Jackie Nava the Fighting Congresswoman of Mexico

Jacqueline Nava Mouett, known in the boxing world as Jackie “The Aztec Princess” Nava, is an extraordinary woman.  Although not officially retired from boxing, she has embarked in a new journey in her life as a member of the Mexican congress representing the district where she grew up in Tijuana, Baja California, Mexico.

Her last fight was in February of 2015 where she defended her WBC and WBA super bantamweight titles with a 6th round TKO over Argentinean Mayra Gomez.  A champion in recess, politician, architect, daughter, mother to two beautiful daughters, wife and friend, one is overwhelmed just to think of everything she has on her plate.

She feels overwhelmed as well.

“Sometimes I do want to cry because I feel that I can’t deal with everything but it is part of it,” Nava says with a smile.  “Part of pushing forward, part of the sacrifice you have to make. Right now I leave my daughters in Tijuana, I leave my husband, I go to work in Mexico City and I come back.  I leave on Mondays and come back on Thursdays.  For me it is very difficult leaving them especially my baby since I am still feeding her.  It is not easy but I think there can be positive results.  For me that is the reason for all of this. To look to make things better and to keep moving forward.”

Her daughters, Frida born in 2013 and Valentina born earlier this year, have been the only reason Nava has interrupted a 32-4-3, 14KO career which began in May of 2001 with a unanimous decision over Vicki Cozy in Honolulu, Hawaii.  Nava was already known as a kickboxer in her native Tijuana as she studied at the local university her degree in architecture.  When her trainer, Miguel Reyes, offered the boxing opportunity she took it.  It’s been a quixotic blueprint of how she and her family would navigate their lives.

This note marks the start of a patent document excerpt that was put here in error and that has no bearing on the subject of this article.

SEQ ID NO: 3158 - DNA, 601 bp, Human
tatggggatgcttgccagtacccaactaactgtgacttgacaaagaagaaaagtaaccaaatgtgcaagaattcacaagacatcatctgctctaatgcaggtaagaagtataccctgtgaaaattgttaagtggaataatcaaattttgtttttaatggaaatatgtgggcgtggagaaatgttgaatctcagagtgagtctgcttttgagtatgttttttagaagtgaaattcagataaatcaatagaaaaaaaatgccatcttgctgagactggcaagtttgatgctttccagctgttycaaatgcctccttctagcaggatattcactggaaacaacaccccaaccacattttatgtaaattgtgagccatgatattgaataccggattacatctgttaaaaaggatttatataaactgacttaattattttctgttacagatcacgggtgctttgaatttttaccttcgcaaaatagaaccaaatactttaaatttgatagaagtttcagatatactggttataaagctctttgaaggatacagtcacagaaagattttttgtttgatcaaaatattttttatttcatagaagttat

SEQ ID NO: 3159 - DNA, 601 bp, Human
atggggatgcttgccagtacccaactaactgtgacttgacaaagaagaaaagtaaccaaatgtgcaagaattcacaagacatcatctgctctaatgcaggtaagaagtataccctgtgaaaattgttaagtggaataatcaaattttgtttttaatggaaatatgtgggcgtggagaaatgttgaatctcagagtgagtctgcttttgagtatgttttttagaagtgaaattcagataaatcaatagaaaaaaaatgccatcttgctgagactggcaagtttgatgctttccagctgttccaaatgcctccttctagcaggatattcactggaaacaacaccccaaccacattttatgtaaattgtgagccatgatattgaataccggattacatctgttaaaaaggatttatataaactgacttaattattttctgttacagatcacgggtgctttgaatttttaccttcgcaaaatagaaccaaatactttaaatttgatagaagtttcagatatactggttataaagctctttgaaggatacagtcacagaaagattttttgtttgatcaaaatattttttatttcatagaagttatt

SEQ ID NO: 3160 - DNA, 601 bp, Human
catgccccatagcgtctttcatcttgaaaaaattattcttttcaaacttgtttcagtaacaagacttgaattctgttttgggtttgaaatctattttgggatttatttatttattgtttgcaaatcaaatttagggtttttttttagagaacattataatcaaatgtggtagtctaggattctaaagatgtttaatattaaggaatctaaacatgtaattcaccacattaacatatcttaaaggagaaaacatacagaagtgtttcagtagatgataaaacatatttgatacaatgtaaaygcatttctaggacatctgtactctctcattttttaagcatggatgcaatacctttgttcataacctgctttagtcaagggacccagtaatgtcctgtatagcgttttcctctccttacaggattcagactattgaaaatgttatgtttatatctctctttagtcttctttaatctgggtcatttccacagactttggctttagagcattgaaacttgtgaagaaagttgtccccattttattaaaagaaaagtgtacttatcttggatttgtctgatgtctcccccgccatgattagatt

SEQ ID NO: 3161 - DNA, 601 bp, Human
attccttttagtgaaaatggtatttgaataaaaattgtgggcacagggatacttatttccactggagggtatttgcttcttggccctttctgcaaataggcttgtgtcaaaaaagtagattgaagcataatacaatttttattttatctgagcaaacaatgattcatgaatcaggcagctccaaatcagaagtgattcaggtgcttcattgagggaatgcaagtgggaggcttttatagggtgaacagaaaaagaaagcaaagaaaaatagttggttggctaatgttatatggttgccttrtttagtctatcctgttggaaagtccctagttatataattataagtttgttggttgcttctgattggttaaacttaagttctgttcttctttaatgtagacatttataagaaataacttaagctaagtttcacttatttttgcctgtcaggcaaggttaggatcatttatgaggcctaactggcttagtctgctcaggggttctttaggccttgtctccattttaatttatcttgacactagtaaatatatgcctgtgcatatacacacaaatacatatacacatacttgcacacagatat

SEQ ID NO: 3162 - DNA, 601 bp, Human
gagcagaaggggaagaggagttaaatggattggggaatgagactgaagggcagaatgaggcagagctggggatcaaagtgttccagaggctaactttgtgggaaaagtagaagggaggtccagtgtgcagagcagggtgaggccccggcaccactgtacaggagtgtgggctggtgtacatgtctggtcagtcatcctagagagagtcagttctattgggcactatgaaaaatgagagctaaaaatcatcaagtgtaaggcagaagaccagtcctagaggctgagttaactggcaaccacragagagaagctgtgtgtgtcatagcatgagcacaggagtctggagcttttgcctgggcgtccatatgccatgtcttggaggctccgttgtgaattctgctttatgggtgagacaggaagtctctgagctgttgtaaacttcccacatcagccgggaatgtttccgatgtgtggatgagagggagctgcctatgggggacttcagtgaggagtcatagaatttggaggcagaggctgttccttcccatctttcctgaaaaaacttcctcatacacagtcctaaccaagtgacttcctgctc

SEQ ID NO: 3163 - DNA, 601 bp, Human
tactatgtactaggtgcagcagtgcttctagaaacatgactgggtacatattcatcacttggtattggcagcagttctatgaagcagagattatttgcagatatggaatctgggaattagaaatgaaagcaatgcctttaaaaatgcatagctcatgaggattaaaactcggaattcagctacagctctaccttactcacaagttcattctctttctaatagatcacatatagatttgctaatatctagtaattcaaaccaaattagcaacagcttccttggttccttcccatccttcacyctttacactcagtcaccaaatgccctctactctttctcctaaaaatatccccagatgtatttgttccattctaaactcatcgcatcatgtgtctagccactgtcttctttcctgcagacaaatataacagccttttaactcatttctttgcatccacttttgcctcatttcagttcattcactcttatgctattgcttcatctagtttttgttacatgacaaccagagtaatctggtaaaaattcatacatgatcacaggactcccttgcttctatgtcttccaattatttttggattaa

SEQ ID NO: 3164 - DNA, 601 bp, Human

“The truth is, opportunities come up.  I didn’t know I was going to be professional boxer. I knew I was going to be an architect because that is what I wanted to study, but I didn’t know I was going to be a representative.  I take the opportunities that come up,” she said.

Right there next to her, ever since they met training in the gym is her husband and co-trainer Miguel Mendoza, a fellow architect and former kick boxer as well, is known as the man behind the woman.

“I have always tried to support her in everything, in every moment, with any of her decisions but in reality I only thought in supporting her when the offer was presented,” said Mendoza. “It has been hard to get used to, to adapt ourselves to this new rhythm of life.  It was something we had not experienced before but we are pushing ahead.”

Nava assumed her post as one of nearly three hundred representatives of their particular districts in Congress in the summer of 2015.

“I could have been asked three years ago if I wanted to participate in politics I would have said no.  It was more because of the political party.  I have always leaned toward the Partido Accion Nacional (National Action Party, the political outfit she is a member of in the Mexican government), my family as well,” Nava said. “What interested me more than anything was to within the party support some kind of sports program.  The discipline, perseverance and hard work which I learned in sports is what has helped me get ahead.  I suppose the reason the party was interested in me was because I was well known, I had an established career and I am also an architect.”

Since taking office the congresswoman has made her agenda known.  With sports, Mexican kids and teenagers can learn what she did with hard work, discipline and perseverance. They, in turn, can reach heights not found with drugs, crime and other nefarious activities. Nava is part of several committees, all related to sports and/or the youth of the country.